NC operative charged with obstruction of justice, perjury over alleged ballot scheme

NC operative charged with obstruction of justice, perjury over alleged ballot scheme

The political operative Leslie McCrae Dowless on Tuesday was hit with additional charges in connection to a ballot-tampering scheme he allegedly helped facilitate during the 2018 midterm elections. 

Dowless was charged with two counts of felony obstruction of justice, perjury, solicitation to commit perjury, conspiracy to obstruct justice and possession of absentee ballot, according to a Wake County district attorney indictment obtained by The Charlotte Observer


Seven of his associates were also indicted. The defendants are expected to turn themselves in over the next week, WWAY News reported

Dowless had earlier this year been indicted for his alleged actions in 2016 election in North Carolina’s 9th Congressional District as well as the 2018 Republican primary in the same district.

In February, the Wake County District Attorney’s Office announced that it was charging him with three counts of obstruction of justice, two counts of conspiracy to commit obstruction of justice and two counts of possession of absentee ballots. 

The new indictment alleges that Dowless submitted absentee ballots that were not handled in a legal manner, WWAY News noted.

He's also accused of getting individuals to sign witness certifications for the ballots when they had not been proper witnesses.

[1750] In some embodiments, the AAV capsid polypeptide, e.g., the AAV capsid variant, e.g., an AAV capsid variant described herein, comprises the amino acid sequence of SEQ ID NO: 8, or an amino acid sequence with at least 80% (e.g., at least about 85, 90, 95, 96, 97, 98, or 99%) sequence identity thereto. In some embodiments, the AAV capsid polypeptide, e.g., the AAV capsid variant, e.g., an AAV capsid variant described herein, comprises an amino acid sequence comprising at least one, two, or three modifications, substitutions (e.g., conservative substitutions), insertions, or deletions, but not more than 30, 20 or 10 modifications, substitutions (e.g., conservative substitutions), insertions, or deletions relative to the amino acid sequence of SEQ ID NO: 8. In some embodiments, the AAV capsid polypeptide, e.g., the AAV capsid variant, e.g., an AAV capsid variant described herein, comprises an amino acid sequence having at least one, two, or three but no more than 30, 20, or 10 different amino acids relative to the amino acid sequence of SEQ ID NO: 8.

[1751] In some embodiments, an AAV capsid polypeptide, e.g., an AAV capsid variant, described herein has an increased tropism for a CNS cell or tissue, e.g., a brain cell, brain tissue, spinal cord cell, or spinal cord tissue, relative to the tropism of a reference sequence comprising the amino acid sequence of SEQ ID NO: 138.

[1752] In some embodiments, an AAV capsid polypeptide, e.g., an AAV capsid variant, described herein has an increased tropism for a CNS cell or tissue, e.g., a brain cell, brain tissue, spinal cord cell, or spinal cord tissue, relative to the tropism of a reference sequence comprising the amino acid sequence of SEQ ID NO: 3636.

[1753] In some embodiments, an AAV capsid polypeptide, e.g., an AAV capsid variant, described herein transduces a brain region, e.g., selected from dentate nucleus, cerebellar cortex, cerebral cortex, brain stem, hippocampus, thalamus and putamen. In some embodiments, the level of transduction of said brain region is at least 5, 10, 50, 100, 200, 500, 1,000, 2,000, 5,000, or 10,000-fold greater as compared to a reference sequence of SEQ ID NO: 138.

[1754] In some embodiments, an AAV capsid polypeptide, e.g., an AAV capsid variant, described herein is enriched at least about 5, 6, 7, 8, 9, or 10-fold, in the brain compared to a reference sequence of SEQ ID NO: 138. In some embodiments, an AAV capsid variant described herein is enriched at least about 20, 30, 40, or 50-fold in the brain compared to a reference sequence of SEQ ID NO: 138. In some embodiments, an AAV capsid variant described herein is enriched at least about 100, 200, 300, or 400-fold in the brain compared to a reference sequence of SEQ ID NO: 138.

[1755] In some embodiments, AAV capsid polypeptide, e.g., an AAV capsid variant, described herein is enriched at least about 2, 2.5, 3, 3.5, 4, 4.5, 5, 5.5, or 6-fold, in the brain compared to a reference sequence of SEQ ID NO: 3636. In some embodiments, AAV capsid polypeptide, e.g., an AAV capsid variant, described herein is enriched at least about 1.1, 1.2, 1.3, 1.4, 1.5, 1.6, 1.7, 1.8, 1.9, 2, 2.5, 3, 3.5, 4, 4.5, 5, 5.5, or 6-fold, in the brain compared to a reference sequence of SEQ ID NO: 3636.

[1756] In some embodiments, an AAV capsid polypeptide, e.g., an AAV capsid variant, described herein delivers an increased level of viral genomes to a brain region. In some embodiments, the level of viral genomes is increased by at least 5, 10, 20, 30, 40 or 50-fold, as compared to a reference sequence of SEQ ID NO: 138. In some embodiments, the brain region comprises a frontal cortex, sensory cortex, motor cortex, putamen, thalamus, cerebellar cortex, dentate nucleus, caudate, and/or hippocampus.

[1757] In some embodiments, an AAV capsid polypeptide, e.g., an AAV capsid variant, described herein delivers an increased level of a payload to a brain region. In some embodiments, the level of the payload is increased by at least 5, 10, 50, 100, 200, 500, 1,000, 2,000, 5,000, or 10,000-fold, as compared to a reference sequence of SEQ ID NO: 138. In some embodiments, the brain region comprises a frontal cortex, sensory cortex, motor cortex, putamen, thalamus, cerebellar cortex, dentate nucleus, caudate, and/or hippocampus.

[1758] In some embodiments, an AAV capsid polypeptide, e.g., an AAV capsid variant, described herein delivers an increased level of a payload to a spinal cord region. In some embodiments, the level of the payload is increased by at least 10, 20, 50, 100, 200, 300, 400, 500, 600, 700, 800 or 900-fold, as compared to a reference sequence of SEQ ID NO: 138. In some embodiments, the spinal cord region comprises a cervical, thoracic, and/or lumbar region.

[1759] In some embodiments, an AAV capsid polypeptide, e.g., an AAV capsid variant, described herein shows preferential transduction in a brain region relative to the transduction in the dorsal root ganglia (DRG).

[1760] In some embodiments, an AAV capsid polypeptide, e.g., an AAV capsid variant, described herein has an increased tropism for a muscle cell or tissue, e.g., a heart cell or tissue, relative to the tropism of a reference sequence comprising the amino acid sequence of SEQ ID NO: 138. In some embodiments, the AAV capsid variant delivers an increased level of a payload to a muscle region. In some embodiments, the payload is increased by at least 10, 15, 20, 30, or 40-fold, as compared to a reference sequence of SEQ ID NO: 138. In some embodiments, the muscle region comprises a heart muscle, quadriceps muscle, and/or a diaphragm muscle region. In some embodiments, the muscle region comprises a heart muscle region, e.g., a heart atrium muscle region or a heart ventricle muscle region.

Dowless, an operative in rural Bladen County, is alleged to have lied about the scheme under oath. 

Reports about Dowless's work for Republican House candidate Mark HarrisMark HarrisBevin says he lost because liberals are 'good at harvesting votes' in urban areas The Hill's Campaign Report: Democrats clash over future of party in heated debate Why my American Indian tribe voted Republican in NC's special election MORE threw the outcome of the district's 2018 congressional race into limbo for months. 

Harris had initially led Democratic candidate Dan McCready by just under 1,000 votes. But election officials had declined to certify the results, citing irregularities in absentee ballots. 

The questions about the election prompted an investigation, and ultimately led the North Carolina State Board of Elections to call for a new election

Harris signaled support for a new election before the decision was made. He also announced  that he would not run for the House seat again. 

McCready will run again, however, and is set to face North Carolina state Sen. Dan Bishop (R) in a special election on Sept. 10.